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Authors

Angela T. Howe

Document Type

Article

Abstract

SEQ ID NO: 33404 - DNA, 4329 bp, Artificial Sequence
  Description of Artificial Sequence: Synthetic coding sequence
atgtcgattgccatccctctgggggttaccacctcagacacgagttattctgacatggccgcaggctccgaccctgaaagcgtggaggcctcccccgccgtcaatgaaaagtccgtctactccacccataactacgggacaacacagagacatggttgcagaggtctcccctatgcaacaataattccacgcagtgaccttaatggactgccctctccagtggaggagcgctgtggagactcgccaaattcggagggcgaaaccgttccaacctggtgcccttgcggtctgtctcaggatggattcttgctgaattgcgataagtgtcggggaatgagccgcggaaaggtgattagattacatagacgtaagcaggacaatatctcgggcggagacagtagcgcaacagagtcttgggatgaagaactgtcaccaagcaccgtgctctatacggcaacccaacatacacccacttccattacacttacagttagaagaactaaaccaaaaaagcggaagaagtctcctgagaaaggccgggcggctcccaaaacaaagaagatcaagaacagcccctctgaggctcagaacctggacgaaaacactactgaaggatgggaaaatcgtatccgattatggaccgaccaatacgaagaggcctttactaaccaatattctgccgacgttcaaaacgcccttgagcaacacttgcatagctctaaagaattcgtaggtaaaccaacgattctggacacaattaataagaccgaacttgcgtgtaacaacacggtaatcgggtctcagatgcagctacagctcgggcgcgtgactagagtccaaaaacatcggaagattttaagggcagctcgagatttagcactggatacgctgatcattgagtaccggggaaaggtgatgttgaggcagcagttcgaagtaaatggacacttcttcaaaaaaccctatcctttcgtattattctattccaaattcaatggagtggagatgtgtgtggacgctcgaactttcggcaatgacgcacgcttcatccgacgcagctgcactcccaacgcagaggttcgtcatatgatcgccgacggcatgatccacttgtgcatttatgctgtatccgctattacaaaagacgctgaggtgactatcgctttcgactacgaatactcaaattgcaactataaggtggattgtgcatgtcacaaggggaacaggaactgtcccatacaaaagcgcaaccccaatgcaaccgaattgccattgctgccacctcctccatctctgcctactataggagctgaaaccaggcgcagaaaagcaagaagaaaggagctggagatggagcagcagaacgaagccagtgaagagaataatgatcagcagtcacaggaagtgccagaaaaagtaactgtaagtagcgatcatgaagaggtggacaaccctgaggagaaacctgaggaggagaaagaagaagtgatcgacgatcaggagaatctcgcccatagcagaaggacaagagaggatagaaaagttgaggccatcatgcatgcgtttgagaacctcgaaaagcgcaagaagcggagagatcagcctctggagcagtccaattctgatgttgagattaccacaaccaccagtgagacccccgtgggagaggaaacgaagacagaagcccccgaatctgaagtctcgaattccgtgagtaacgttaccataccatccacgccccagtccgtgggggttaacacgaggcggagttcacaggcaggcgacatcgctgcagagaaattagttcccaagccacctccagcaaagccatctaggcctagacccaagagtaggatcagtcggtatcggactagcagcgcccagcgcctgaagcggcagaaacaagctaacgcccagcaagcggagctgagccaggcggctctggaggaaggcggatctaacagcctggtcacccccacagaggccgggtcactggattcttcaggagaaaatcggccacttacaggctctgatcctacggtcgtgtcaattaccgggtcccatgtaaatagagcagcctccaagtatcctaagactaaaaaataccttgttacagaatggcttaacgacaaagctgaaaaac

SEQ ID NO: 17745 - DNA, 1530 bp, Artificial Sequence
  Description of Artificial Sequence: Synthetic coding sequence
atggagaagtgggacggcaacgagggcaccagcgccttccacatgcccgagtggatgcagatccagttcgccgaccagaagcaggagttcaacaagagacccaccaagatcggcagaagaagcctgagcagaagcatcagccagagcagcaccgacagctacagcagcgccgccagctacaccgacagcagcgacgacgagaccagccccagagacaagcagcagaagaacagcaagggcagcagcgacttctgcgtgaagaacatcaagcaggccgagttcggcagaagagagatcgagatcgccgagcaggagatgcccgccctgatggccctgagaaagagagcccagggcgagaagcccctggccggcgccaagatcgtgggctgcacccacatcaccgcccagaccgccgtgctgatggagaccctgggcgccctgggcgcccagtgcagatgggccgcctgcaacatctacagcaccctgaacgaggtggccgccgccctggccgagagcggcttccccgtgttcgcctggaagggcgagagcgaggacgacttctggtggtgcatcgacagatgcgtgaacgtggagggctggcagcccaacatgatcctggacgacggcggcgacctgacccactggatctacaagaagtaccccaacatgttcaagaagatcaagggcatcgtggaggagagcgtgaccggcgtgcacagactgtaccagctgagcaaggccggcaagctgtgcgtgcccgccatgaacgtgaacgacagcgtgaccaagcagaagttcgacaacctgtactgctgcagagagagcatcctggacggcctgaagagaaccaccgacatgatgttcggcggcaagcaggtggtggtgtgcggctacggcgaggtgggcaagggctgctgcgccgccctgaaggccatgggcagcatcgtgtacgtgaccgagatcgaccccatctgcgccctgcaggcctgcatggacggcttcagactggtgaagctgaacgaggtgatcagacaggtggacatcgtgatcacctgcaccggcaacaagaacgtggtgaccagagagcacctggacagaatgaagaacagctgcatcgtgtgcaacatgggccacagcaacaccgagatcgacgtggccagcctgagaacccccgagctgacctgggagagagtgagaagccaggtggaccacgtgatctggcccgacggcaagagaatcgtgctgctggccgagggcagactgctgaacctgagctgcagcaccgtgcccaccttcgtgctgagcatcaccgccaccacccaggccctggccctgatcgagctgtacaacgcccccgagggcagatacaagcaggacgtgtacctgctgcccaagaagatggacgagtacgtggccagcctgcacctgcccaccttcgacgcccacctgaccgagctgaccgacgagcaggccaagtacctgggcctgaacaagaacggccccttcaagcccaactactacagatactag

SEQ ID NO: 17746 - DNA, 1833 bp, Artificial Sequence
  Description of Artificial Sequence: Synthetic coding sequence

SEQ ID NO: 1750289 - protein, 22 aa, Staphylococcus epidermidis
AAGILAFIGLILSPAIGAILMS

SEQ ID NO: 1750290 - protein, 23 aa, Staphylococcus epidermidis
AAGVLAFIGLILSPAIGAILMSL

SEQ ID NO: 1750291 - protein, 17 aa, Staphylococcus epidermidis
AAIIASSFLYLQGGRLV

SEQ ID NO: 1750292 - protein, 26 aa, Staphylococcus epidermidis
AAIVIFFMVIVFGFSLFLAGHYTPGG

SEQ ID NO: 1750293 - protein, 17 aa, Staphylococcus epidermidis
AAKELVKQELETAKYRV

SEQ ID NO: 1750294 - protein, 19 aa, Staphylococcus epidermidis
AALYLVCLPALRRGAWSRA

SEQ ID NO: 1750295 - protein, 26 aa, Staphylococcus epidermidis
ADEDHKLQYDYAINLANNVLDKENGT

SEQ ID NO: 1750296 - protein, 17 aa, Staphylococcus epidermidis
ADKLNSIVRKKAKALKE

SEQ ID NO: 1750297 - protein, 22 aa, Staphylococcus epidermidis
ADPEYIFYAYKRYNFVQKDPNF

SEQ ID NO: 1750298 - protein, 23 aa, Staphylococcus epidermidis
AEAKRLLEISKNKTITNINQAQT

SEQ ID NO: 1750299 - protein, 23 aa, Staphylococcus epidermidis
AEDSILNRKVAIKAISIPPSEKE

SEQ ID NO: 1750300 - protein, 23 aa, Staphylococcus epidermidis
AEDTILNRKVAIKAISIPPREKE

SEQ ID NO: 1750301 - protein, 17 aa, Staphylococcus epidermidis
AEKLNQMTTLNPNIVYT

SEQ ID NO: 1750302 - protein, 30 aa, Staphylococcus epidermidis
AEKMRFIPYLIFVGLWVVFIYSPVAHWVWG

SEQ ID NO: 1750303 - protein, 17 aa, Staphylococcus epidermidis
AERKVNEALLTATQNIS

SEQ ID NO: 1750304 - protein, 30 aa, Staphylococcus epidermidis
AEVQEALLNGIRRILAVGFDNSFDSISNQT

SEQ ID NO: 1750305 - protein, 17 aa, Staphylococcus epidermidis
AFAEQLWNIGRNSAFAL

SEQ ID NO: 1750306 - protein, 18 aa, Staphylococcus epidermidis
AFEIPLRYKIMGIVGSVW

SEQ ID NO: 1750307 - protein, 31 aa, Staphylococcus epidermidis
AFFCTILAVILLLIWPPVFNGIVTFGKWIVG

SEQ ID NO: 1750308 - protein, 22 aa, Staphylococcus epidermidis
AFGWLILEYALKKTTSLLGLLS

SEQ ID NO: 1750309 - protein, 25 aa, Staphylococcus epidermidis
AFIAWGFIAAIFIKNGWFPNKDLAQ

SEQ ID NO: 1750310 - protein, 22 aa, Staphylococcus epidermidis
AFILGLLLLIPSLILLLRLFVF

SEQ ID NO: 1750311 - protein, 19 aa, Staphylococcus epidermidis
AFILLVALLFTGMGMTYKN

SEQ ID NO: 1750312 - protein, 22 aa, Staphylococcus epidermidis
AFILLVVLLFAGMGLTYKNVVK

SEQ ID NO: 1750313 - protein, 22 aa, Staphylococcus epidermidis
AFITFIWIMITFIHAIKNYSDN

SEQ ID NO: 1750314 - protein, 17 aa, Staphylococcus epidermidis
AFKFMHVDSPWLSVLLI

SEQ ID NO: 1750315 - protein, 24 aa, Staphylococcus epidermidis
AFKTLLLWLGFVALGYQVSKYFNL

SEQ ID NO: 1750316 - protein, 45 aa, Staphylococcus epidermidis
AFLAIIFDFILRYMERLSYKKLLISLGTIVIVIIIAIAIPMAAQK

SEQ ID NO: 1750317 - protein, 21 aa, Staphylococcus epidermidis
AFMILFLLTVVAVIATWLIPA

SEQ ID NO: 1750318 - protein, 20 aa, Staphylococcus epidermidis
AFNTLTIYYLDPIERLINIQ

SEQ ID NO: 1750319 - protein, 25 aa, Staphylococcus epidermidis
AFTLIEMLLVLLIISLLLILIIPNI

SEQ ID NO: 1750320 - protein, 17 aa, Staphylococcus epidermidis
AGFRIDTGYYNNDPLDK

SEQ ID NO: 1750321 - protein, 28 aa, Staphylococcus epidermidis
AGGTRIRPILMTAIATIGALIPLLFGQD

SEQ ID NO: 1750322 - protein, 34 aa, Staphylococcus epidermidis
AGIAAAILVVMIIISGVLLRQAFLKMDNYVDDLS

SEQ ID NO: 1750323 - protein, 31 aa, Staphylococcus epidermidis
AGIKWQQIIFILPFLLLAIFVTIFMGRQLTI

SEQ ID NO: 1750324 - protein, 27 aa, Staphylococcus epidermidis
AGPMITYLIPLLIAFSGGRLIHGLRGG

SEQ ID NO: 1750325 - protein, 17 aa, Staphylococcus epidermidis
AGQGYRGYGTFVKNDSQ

In 2009, as renowned oceanographer Sylvia Earle accepted an award at the TED Conference, she described the ocean as “the blue heart of the planet” and implored the audience to support efforts to restore the oceans with “all means at our disposal.” The Obama administration has made ocean protection a priority for the United States, launching a new National Ocean Policy (NOP) in July of 2010 to unify management of the nation’s coasts and waters. In an era that demands both protection and productivity of our nation’s oceans, this is exactly what is needed: a strong, coherent national policy based on science and informed by local stakeholders. The NOP was the culmination of over six decades of concerted ocean planning and protection. The language of the policy starts out by recognizing the value of our coasts: “The oceans, our coasts, and the Great Lakes provide jobs, food, energy resources, ecological services, recreation, and tourism opportunities, and play critical roles in our Nation’s transportation, economy, and trade, as well as the global mobility of our Armed Forces and the maintenance of international peace and security.” Historically, ocean management has been focused on individual sectors and separate regulations for each ocean activity. The NOP is a response to the Byzantine patchwork of federal, state, and local authorities that guide ocean policy, which has become such a quagmire that it hardly allows for “smooth sailing” for the ocean law regulators or those being regulated. In the United States, which has the largest ocean area of any country in the world, spanning over 3.4 million square nautical miles,6 there are at least 20 federal agencies and 140 federal statutes concerning ocean management. This poses a significant challenge to dealing with the cumulative impacts and cross-sectorial harms that are affecting our oceans. For example, one ocean activity may be regulated by a plethora of overlapping laws and overseen by several different agencies with differing agency mandates. Even governmental agencies that regulate ocean activity have been challenged when trying to decipher which legal standards apply to new ocean activities, such as a new wave energy project. While the ocean is facing a death by a thousand cuts, the federal government has been trying to put a thousand small bandages on the problems one-by-one, instead of taking a step back to try to cure the disease. An overarching law or legal framework is needed to deal with ocean issues. The problem of fragmented ocean governance has become more apparent and critical in recent years as new ocean activities have emerged, such as renewable offshore energy, aquaculture, and liquefied natural gas terminals. These location specific activities pose potential conflicts across sectors with varying severity. Just as Americans enjoy the Clean Water Act for protection of water and the Clean Air Act for protection of air, there is now a bedrock environmental policy for oceans. But we have yet to see the NOP be used as a management tool for our oceans. “If not now, when?” asked retired U.S. Coast Guard Admiral Thad Allen, the man in charge of the Deepwater Horizon oil spill response and an active player in the ocean policy formulation, at the marine conservation community’s Blue Vision Summit in Washington D.C. in May 2011. To that end, this Article explores how the new NOP can best fix the gaps in the existing legal framework and solve the most pressing problems of ocean management in the United States. The purpose of this Article is to inform the audience of the nature, history, and promulgation of the nation’s first NOP, address the challenges to implementing the NOP, and offer recommendations that will help lead to the success of the NOP. Specifically, this Article sets out by discussing the public trust doctrine as a foundation for managing our common public trust properties in the coasts and oceans; offers a history of national ocean governance, including a review of the work of the Stratton Commission, U.S. Commission on Ocean Policy, Pew Oceans Commission, and Joint Ocean Commission Initiative; this Article then analyzes the NOP as an executive order and compares it to past executive orders dealing with the nation’s oceans, namely the establishment of the Papahanaumokuakea Marine National Monument and the Federal Presidential Oil Drilling Moratorium; and it subsequently discusses potential applications of the NOP through coastal and marine spatial planning and wave energy. For illustrative purposes, coastal and marine spatial planning is discussed using ocean management plans recently established in Massachusetts and Rhode Island, while offshore energy progress and challenges are explained through the Cape Cod Wind and Reedsport, Oregon Wave Energy projects. The cutting edge coastal and marine spatial planning framework, activated through the Massachusetts and Rhode Island Plans, demonstrates how the priority objectives of the NOP can be used at the state level. This Article culminates in a discussion of the challenges that the NOP will surely face: the need to reconcile the top-down policy with the most effective local and regional form of policy refinement and implementation, the need to fund the national objectives of the policy, and the need for political will to codify and support the NOP. For those working to implement the NOP and ensure its success in securing the health and productivity of our oceans, the more profound part of this Article can be found in the recommendations section which covers the need for public outreach, the need for measured progress with adaptive management, and the need to take cues from regional and local stakeholders.

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